Brendon Little (0-1) made his big league debut when he replaced Marcus Stroman in the sixth but gave up Hernández’s homer before recording an out.

MARINERS 9, TIGERS 3

DETROIT (AP) — Cal Raleigh sparked a six-run third with a solo homer and capped it with a sacrifice fly as Seattle beat Detroit.

Ty France and Carlos Santana also homered for Seattle, which has won four of five.

George Kirby (6-3) allowed only two hits in five scoreless innings. Chris Flexen pitched four innings of relief for his first save.

Matt Manning (1-2) gave up seven runs and seven hits in 2 1/3 innings.

ASTROS 4, RANGERS 2

ARLINGTON, Texas (AP) — Jose Altuve homered to back Framber Valdez, who won his sixth straight decision as Houston beat Texas.

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Valdez (14-4) gave up solo homers to Texas rookies Ezequiel Duran and Bubba Thompson and five singles in eight innings.

Hector Neris earned his third save in six opportunities.

Dane Dunning (3-7) lost for the first time since June 29. Dunning gave up three runs, two earned, on seven hits and three walks in five innings.

DIAMONDBACKS 12, PHILLIES 3

PHOENIX (AP) — Zac Gallen stretched his scoreless streak to 34 1/3 innings, and Jake McCarthy homered and had five RBIs as Arizona routed Philadelphia.

Gallen (10-2) had the Phillies off balance all night, allowing two hits with seven strikeouts in seven innings.

The Diamondbacks tagged Aaron Nola (9-11) for five runs in the second inning and McCarthy put them up 8-0 with a three-run homer in the fourth. Touted rookie Corbin Carroll added a two-run double in the eighth off infielder Nick Maton.

Arizona had a season-high 17 hits for its seventh straight win over the Phillies.

Gallen is 6-0 with a 0.72 ERA in his last eight starts and has not lost since June 10.

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Earlier in the day, the Diamondbacks exercised the club option on manager Torey Lovullo’s contract for 2023.

PADRES 4, GIANTS 3

SAN FRANCISCO (AP) — Blake Snell allowed four hits over six innings and Trent Grisham hit a two-run homer to lead San Diego over San Francisco.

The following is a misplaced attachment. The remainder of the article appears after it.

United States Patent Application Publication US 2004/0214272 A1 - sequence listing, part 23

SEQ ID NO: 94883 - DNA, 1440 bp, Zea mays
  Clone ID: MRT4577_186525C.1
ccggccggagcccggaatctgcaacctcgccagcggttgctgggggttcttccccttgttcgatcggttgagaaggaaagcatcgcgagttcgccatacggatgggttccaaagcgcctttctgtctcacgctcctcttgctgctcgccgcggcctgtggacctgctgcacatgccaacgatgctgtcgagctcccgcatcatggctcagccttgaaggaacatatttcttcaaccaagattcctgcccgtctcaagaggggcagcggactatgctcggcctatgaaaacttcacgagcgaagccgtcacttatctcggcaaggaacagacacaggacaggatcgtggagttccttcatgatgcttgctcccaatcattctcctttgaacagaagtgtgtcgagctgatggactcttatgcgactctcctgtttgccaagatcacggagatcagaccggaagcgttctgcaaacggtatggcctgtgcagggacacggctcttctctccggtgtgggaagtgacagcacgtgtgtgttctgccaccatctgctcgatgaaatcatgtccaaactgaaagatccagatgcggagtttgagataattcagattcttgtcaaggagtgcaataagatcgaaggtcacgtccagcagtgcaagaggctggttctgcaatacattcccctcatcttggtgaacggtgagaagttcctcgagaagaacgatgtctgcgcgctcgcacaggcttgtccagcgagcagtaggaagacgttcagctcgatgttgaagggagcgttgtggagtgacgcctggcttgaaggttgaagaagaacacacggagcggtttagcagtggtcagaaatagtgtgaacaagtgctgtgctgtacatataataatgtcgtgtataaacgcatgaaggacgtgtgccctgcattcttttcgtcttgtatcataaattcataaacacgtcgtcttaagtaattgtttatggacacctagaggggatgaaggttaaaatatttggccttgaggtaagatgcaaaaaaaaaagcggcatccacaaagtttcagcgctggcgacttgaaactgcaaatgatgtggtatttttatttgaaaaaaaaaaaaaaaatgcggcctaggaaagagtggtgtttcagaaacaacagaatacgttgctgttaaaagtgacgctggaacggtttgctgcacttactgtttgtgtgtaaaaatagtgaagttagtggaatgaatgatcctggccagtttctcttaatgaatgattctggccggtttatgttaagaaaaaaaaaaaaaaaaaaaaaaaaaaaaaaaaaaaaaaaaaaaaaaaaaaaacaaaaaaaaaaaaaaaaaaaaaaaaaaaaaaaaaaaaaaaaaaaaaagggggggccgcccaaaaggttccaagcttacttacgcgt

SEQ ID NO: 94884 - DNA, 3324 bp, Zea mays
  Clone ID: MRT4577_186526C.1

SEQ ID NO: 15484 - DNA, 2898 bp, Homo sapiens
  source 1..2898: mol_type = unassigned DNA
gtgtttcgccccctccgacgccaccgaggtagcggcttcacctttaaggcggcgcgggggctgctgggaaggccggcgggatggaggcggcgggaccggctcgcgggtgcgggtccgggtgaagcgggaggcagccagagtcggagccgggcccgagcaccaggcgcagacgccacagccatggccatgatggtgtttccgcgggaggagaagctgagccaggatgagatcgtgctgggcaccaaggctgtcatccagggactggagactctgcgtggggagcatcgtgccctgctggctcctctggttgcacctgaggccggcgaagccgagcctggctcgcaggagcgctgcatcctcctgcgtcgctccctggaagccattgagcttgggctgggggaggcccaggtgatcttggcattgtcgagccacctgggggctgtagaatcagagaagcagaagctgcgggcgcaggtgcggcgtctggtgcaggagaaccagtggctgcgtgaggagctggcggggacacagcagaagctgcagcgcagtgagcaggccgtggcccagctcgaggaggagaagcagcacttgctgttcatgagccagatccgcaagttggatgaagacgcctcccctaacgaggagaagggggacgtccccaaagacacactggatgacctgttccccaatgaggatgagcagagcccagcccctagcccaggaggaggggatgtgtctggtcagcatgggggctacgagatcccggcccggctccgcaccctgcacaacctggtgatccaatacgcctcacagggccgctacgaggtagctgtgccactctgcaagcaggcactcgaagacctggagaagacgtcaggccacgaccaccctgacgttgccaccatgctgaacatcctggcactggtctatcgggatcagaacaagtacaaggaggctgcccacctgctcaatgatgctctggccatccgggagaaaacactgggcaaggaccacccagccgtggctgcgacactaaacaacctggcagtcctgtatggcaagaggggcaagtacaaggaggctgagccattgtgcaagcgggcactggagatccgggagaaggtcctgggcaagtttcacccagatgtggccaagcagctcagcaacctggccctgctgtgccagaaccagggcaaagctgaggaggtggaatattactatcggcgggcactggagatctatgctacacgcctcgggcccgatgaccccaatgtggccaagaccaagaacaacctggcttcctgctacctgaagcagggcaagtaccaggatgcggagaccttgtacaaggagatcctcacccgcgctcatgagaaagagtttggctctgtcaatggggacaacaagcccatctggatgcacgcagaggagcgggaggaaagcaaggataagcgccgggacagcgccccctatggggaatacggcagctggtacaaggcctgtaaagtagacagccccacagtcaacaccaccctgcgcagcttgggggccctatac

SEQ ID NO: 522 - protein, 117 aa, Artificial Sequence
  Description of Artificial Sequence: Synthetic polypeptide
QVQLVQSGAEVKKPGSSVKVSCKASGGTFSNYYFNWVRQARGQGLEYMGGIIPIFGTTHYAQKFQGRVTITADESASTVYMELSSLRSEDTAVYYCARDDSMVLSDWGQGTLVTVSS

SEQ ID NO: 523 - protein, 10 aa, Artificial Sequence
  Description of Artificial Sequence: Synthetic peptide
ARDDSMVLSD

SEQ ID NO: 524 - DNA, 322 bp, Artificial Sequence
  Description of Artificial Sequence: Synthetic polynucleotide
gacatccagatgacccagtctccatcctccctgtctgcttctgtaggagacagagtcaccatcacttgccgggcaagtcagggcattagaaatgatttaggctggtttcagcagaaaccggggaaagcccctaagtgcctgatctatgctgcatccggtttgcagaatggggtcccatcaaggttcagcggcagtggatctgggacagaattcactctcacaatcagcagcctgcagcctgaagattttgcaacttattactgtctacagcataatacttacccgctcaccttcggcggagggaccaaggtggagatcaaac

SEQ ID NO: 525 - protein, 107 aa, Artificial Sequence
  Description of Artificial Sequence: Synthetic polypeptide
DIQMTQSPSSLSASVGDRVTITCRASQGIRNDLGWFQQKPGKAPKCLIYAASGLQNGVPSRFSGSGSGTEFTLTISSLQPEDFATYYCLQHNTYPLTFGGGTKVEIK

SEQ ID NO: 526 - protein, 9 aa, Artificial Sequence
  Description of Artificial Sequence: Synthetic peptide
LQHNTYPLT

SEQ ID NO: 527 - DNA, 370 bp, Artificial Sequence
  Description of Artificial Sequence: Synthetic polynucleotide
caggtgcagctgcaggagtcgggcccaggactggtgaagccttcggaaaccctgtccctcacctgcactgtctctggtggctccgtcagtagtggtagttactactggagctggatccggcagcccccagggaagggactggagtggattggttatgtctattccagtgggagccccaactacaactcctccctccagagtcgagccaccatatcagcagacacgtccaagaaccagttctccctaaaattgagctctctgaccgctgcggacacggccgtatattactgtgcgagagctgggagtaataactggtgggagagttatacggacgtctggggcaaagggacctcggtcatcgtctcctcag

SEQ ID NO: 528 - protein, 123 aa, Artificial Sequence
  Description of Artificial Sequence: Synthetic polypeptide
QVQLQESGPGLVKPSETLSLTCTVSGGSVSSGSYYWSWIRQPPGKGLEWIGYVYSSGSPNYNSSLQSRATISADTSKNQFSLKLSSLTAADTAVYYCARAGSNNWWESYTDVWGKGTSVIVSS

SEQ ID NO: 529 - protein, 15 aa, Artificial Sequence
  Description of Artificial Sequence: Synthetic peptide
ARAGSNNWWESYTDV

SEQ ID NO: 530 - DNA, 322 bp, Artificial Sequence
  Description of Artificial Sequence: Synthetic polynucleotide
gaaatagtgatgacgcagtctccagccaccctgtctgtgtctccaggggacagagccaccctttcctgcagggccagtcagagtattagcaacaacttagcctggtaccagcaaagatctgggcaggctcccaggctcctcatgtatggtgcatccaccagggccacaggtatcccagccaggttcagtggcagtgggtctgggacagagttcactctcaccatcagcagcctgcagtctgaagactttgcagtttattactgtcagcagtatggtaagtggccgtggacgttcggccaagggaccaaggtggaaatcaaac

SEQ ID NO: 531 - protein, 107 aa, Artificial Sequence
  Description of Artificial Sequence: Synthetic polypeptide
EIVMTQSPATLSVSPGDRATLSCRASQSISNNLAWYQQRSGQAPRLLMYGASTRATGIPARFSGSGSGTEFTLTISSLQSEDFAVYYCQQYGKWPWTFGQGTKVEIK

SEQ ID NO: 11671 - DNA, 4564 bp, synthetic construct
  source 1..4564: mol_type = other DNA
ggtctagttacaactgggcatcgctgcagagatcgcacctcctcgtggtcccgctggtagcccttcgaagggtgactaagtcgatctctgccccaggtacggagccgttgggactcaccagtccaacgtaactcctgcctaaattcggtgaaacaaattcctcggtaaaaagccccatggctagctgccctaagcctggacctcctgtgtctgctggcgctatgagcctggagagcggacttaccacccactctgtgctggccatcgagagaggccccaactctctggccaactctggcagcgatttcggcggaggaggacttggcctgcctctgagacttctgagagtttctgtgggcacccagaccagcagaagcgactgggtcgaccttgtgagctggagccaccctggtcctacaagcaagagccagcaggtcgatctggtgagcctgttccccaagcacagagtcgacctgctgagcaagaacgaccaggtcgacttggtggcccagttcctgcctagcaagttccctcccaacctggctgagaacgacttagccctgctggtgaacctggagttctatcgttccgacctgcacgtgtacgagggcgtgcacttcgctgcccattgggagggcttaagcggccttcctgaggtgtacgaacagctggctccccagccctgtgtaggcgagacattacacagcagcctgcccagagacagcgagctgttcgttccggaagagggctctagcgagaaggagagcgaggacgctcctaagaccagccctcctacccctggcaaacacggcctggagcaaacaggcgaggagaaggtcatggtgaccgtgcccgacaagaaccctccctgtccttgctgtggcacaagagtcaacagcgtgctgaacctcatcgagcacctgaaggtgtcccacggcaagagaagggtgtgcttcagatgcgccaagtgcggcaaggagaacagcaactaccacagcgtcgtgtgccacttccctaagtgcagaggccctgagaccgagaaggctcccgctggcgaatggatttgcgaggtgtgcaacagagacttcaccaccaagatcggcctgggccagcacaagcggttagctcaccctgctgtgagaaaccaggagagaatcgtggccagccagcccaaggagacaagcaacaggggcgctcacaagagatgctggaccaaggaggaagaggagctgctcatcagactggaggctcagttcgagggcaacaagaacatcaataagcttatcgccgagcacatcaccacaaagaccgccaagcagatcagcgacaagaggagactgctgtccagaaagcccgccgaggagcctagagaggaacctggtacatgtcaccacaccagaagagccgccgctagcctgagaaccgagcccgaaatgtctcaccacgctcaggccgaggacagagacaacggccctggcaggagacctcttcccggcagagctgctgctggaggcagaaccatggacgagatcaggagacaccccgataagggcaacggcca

Snell (6-7) struck out eight and rebounded from a shaky start against Cleveland last time out. In three starts versus San Francisco this season, the left-hander has held the Giants to two runs and struck out 27 over 17 2/3 innings.

The Padres extended their lead for the National League’s third wild card to three games over Milwaukee, and they pulled within a half-game of Philadelphia for the second spot.

The floundering Giants committed four errors and lost their sixth in a row. They entered this series hoping to make up ground on San Diego, but instead have fallen 9 1/2 games back for the NL’s final postseason spot.

Logan Webb (11-8) took the loss despite allowing just one unearned run over 5 2/3 innings.

Joc Pederson hit a two-run homer in the ninth for the Giants before Nick Martinez nailed down his fourth consecutive save since replacing struggling Josh Hader as San Diego’s closer.

RAYS 7, MARLINS 2

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MIAMI (AP) — José Siri homered, doubled and drove in two runs as Tampa Bay beat Miami after All-Star pitcher Shane McClanahan was scratched due to injury.

Siri also singled, scored three runs and made a leaping catch at the wall in center field to rob Jon Berti of an extra-base hit in the sixth inning.

Randy Arozarena had three hits, including his 18th homer. The Rays have won 13 of 17.

Shawn Armstrong subbed for McClanahan and threw three scoreless innings of three-hit ball. JT Chargois (2-0) pitched the fourth, and five relievers followed.

Marlins starter Jesus Luzardo (3-6) allowed five runs — three earned — and six hits in six innings.

PIRATES 4, BREWERS 2

MILWAUKEE (AP) — Oneil Cruz went 2 for 4 with two RBIs and scored the go-ahead run in the eighth inning as Pittsburgh beat Milwaukee.

Manny Bañuelos (1-1) earned the win with 1 1/3 innings of shutout relief.

Chase De Jong worked out of trouble in the ninth for his first career save.

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Cruz scored when Rodolfo Castro drew a bases-loaded walk from Brad Boxberger (3-3). He added a run-scoring double in the ninth.

ROYALS 9, WHITE SOX 7

CHICAGO (AP) — Rookie Nick Pratto hit two home runs to highlight a career-high four-hit performance and Kansas City sent Chicago to its fifth straight loss.